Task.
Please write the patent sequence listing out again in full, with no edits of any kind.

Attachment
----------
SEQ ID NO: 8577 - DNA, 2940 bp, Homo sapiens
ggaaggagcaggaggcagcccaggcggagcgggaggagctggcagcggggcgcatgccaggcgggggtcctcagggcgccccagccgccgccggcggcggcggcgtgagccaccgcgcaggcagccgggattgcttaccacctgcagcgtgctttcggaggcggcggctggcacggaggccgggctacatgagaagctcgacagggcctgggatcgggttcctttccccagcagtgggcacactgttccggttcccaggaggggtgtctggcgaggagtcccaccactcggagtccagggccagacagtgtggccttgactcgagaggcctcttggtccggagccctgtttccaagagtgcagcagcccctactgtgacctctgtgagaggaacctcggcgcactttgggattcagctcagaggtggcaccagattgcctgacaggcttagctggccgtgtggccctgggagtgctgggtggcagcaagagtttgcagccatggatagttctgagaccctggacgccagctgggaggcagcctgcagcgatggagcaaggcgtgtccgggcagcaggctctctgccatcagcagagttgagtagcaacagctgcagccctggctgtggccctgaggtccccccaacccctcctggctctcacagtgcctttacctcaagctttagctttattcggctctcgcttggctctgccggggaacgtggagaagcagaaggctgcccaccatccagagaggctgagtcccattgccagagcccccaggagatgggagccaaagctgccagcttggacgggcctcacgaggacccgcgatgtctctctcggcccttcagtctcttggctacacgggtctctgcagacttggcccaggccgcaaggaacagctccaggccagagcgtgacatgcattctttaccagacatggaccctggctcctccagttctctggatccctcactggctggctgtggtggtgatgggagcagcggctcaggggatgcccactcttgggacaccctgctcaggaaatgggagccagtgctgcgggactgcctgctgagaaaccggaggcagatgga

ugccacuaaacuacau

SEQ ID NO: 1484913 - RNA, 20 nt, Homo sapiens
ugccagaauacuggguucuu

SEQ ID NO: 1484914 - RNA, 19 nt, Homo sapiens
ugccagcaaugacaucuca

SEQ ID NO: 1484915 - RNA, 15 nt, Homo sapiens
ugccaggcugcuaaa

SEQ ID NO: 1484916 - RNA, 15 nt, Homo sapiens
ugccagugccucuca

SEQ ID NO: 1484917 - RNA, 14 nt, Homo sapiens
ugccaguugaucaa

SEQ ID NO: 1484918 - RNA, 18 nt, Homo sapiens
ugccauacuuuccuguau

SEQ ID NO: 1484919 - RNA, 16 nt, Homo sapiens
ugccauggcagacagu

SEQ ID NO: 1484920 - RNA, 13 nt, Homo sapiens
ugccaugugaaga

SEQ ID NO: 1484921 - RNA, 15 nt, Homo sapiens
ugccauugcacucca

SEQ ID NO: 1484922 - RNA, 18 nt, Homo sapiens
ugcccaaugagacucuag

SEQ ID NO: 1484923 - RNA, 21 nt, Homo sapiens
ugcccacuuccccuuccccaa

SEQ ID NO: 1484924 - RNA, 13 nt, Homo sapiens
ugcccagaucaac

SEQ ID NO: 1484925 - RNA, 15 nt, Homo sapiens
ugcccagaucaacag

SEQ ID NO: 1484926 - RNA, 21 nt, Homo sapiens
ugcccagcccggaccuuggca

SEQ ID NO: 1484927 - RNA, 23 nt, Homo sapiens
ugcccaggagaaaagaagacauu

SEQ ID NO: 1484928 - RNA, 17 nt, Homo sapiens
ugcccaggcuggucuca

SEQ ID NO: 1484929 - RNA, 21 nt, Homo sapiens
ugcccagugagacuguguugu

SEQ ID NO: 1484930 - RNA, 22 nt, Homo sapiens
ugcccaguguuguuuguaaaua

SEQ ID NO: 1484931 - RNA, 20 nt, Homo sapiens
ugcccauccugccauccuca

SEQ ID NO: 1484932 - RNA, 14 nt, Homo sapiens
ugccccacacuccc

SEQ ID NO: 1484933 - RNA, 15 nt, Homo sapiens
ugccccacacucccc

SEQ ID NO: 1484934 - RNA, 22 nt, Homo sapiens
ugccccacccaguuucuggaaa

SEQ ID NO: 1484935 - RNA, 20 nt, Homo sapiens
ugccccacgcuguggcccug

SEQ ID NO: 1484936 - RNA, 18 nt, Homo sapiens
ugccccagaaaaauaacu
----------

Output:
SEQ ID NO: 8577 - DNA, 2940 bp, Homo sapiens
ggaaggagcaggaggcagcccaggcggagcgggaggagctggcagcggggcgcatgccaggcgggggtcctcagggcgccccagccgccgccggcggcggcggcgtgagccaccgcgcaggcagccgggattgcttaccacctgcagcgtgctttcggaggcggcggctggcacggaggccgggctacatgagaagctcgacagggcctgggatcgggttcctttccccagcagtgggcacactgttccggttcccaggaggggtgtctggcgaggagtcccaccactcggagtccagggccagacagtgtggccttgactcgagaggcctcttggtccggagccctgtttccaagagtgcagcagcccctactgtgacctctgtgagaggaacctcggcgcactttgggattcagctcagaggtggcaccagattgcctgacaggcttagctggccgtgtggccctgggagtgctgggtggcagcaagagtttgcagccatggatagttctgagaccctggacgccagctgggaggcagcctgcagcgatggagcaaggcgtgtccgggcagcaggctctctgccatcagcagagttgagtagcaacagctgcagccctggctgtggccctgaggtccccccaacccctcctggctctcacagtgcctttacctcaagctttagctttattcggctctcgcttggctctgccggggaacgtggagaagcagaaggctgcccaccatccagagaggctgagtcccattgccagagcccccaggagatgggagccaaagctgccagcttggacgggcctcacgaggacccgcgatgtctctctcggcccttcagtctcttggctacacgggtctctgcagacttggcccaggccgcaaggaacagctccaggccagagcgtgacatgcattctttaccagacatggaccctggctcctccagttctctggatccctcactggctggctgtggtggtgatgggagcagcggctcaggggatgcccactcttgggacaccctgctcaggaaatgggagccagtgctgcgggactgcctgctgagaaaccggaggcagatgga

ugccacuaaacuacau

SEQ ID NO: 1484913 - RNA, 20 nt, Homo sapiens
ugccagaauacuggguucuu

SEQ ID NO: 1484914 - RNA, 19 nt, Homo sapiens
ugccagcaaugacaucuca

SEQ ID NO: 1484915 - RNA, 15 nt, Homo sapiens
ugccaggcugcuaaa

SEQ ID NO: 1484916 - RNA, 15 nt, Homo sapiens
ugccagugccucuca

SEQ ID NO: 1484917 - RNA, 14 nt, Homo sapiens
ugccaguugaucaa

SEQ ID NO: 1484918 - RNA, 18 nt, Homo sapiens
ugccauacuuuccuguau

SEQ ID NO: 1484919 - RNA, 16 nt, Homo sapiens
ugccauggcagacagu

SEQ ID NO: 1484920 - RNA, 13 nt, Homo sapiens
ugccaugugaaga

SEQ ID NO: 1484921 - RNA, 15 nt, Homo sapiens
ugccauugcacucca

SEQ ID NO: 1484922 - RNA, 18 nt, Homo sapiens
ugcccaaugagacucuag

SEQ ID NO: 1484923 - RNA, 21 nt, Homo sapiens
ugcccacuuccccuuccccaa

SEQ ID NO: 1484924 - RNA, 13 nt, Homo sapiens
ugcccagaucaac

SEQ ID NO: 1484925 - RNA, 15 nt, Homo sapiens
ugcccagaucaacag

SEQ ID NO: 1484926 - RNA, 21 nt, Homo sapiens
ugcccagcccggaccuuggca

SEQ ID NO: 1484927 - RNA, 23 nt, Homo sapiens
ugcccaggagaaaagaagacauu

SEQ ID NO: 1484928 - RNA, 17 nt, Homo sapiens
ugcccaggcuggucuca

SEQ ID NO: 1484929 - RNA, 21 nt, Homo sapiens
ugcccagugagacuguguugu

SEQ ID NO: 1484930 - RNA, 22 nt, Homo sapiens
ugcccaguguuguuuguaaaua

SEQ ID NO: 1484931 - RNA, 20 nt, Homo sapiens
ugcccauccugccauccuca

SEQ ID NO: 1484932 - RNA, 14 nt, Homo sapiens
ugccccacacuccc

SEQ ID NO: 1484933 - RNA, 15 nt, Homo sapiens
ugccccacacucccc

SEQ ID NO: 1484934 - RNA, 22 nt, Homo sapiens
ugccccacccaguuucuggaaa

SEQ ID NO: 1484935 - RNA, 20 nt, Homo sapiens
ugccccacgcuguggcccug

SEQ ID NO: 1484936 - RNA, 18 nt, Homo sapiens
ugccccagaaaaauaacu